I’ve just returned from North Carolina, visiting my wife’s father in a nursing home. He turns 92 this Christmas. Right now, he’s recovering from a series of falls, the last one resulting in a broken ankle and hence nursing facility. Daddy is lucky in some respects, for the facility strikes me as well run, with sensitive staff (blessed with a sense of humor), decent meals even if institutional, and clean premises.
Yet in all of this, I couldn’t help taking in the white-haired residents, all of them in wheelchairs. Some seemed fixed, no movement throughout the day, heads bent, silent. One dear lady, presumably a stroke victim, courageous, tried to greet strangers, but she might well have spoken another language. In place of words, cheerily pitched sounds, but murmurings for all of that. In nearly a day at the place, I saw few visitors. If “loneliness is and always has been the central and inevitable experience of every person,” as writer Thomas Wolfe held, then its apex must be old age.
And yet there are things we can do to ease our journey into our senior years. For some time, I’ve been exercising daily, and rigorously, on our elliptical machine. Now I’ve added strength exercises three times a week, using weights to enhance muscle growth. After recently taking a bone scan test, I was delighted to learn I hadn’t lost any height, an occurrence as high as 80% in seniors.
I keep up with testing in general, whether annual blood checks or colonoscopies every three years, given my family’s cancer history. I get a flu shot every fall.
I haven’t touched meat in 15-years. I learned just the other day that only 15% of vegetarians suffer heart attacks. That’s good enough for me.
So much of preserving good health lies in adopting a preventative regimen, as Medicare and health insurers now increasingly recognize and encourage.
But there’s an aspect of maintaining good health that needs more attention. Consider that half of those past 85 suffer dementia. Now that’s huge! Think of the cost and the suffering, the diminishment in human dignity. We need to exercise our minds as well as our bodies.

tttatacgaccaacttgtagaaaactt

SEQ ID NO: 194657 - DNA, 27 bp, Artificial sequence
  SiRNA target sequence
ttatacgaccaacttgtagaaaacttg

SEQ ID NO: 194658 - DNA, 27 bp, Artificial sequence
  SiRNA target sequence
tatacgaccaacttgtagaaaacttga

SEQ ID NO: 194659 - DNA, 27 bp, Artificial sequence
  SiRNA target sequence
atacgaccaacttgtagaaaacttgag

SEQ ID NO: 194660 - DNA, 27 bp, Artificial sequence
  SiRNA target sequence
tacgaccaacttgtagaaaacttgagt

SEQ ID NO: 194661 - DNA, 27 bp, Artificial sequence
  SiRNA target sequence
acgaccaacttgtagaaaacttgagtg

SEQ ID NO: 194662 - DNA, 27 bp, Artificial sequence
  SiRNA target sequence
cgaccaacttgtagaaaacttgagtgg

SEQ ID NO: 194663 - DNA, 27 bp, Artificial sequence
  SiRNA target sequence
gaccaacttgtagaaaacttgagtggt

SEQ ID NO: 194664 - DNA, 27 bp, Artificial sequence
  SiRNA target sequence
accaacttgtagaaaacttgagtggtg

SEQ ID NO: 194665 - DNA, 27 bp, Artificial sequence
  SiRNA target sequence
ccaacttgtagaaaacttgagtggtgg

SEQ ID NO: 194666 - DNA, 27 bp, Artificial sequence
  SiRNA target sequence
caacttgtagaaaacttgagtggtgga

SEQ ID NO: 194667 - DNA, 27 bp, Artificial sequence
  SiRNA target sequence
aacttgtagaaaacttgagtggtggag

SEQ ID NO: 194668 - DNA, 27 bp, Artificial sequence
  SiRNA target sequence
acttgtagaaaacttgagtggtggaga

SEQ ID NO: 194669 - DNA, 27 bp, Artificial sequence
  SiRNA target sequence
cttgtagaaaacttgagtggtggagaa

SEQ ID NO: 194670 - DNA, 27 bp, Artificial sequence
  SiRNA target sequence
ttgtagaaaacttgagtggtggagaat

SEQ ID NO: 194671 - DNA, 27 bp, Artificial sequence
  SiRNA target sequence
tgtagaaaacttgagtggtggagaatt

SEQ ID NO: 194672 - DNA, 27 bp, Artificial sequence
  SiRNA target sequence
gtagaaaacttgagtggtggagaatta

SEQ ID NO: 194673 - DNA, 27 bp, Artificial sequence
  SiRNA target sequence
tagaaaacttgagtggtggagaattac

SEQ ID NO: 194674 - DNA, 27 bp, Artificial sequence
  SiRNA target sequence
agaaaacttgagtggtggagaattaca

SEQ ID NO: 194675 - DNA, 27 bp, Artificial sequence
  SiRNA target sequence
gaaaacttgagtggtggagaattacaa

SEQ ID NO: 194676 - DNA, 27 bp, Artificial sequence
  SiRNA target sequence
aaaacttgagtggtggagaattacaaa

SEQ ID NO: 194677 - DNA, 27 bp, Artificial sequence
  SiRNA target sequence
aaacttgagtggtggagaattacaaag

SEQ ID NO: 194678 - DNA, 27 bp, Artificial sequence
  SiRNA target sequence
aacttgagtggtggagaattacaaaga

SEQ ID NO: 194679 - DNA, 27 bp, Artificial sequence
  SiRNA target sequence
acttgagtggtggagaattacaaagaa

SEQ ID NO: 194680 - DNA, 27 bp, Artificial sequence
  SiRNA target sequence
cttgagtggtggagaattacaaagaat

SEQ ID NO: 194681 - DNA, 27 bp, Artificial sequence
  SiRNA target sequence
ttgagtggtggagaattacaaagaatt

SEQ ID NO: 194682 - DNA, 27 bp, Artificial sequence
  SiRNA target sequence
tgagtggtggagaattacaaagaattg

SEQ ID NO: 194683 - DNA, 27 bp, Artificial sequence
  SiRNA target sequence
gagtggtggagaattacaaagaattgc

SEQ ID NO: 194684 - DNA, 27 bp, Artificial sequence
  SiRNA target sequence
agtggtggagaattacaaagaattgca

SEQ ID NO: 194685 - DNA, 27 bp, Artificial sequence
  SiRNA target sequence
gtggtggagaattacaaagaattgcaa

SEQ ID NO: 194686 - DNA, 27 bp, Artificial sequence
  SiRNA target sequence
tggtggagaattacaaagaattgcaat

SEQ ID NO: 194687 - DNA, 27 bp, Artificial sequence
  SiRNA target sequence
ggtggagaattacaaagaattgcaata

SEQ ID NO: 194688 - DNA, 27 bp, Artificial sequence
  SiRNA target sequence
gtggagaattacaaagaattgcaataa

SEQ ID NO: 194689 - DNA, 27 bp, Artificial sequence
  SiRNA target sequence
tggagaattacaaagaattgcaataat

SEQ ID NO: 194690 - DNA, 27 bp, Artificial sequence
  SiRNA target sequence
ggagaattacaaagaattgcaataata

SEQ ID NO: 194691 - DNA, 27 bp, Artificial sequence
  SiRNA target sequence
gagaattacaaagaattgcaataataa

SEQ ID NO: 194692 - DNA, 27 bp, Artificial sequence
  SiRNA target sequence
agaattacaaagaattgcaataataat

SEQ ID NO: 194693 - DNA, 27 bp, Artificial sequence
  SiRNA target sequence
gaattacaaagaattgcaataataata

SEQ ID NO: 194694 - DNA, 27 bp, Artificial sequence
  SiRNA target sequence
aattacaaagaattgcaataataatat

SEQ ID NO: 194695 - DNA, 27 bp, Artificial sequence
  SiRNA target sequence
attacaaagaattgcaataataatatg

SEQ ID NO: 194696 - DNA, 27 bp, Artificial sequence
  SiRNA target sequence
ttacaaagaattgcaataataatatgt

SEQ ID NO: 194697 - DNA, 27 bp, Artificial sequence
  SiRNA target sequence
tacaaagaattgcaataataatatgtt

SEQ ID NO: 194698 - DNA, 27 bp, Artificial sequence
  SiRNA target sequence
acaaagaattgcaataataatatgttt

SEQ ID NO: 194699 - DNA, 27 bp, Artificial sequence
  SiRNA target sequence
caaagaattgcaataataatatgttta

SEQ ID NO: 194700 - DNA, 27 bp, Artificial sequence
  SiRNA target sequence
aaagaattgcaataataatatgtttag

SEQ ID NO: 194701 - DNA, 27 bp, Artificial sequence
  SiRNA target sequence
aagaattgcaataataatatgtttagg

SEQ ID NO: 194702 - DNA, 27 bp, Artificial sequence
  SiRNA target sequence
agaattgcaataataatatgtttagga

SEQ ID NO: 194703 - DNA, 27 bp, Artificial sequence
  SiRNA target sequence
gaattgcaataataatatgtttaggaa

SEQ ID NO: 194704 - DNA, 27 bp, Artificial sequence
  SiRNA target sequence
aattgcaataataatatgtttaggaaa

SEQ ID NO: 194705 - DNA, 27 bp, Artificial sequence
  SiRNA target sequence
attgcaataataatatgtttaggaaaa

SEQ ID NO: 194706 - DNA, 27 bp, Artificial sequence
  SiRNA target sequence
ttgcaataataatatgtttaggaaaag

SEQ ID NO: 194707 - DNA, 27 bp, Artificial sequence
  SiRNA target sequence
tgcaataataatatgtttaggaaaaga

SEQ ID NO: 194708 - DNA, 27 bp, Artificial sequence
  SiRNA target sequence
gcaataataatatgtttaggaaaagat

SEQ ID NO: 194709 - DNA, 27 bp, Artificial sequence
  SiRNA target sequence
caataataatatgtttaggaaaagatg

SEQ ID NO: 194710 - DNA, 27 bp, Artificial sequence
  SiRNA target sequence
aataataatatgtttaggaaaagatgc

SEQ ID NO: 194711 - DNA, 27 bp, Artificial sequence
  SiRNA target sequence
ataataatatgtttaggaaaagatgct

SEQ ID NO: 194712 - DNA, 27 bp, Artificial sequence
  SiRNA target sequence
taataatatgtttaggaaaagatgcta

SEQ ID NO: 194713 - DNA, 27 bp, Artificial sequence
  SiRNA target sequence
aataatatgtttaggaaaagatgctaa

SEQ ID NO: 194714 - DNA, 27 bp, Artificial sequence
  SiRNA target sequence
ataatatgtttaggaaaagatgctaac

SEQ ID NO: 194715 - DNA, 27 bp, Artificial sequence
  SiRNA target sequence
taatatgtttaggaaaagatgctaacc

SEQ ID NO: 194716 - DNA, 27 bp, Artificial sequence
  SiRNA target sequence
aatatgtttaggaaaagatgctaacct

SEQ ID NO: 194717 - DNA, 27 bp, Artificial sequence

I subscribe to Massachusetts General Hospital’s Mind, Mood & Memory. In its recent issue, the newsletter notes the success of those who exercise their brains, hence slowing down Alzheimer's, or even preventing it. Cross word puzzles, Sudoku games, learning a language, etc., all help--and a lot. This hits my palette, for I’ve generally favored games of mental skill like chess over games of chance.
New research indicates that the key to warding off dementia lies in boosting working memory. But how best to do this?
Turns out there’s a brain exercise called n-back that not only stimulates working memory (the kind used in reasoning and solving problems), but increases IQ. Hey, it actually makes you smarter!
Well, this got me going on my own research. I even bought the iPad application N-Back Suite. It’s as gorgeous as it’s friendly to users, allowing for stretching the mind through sensory stimuli (letters, images, sounds, colors, etc.).
With n-back tasking the idea is to remember items appearing in sequences. You can adjust your speed and there are ten levels of difficulty. Most of us will be lucky to get to level 3. It’s challenging.
It’s been tried with children and young adults, too. After 30 days of exercising for 20 minutes, results showed significant gains in fluid intelligence, i.e., the ability to recognize unfamiliar patterns and solve problems. IQ scores averaged 5 point gains. These results lasted 3 months, even though the participants were no longer doing the n-tasks. MGH neuropychologist Mimi Castelo calls the results “impressive.”
If all of this interests you, here are some web sites that offer sample n-back exercises. But don’t forget the iPad application I mentioned earlier.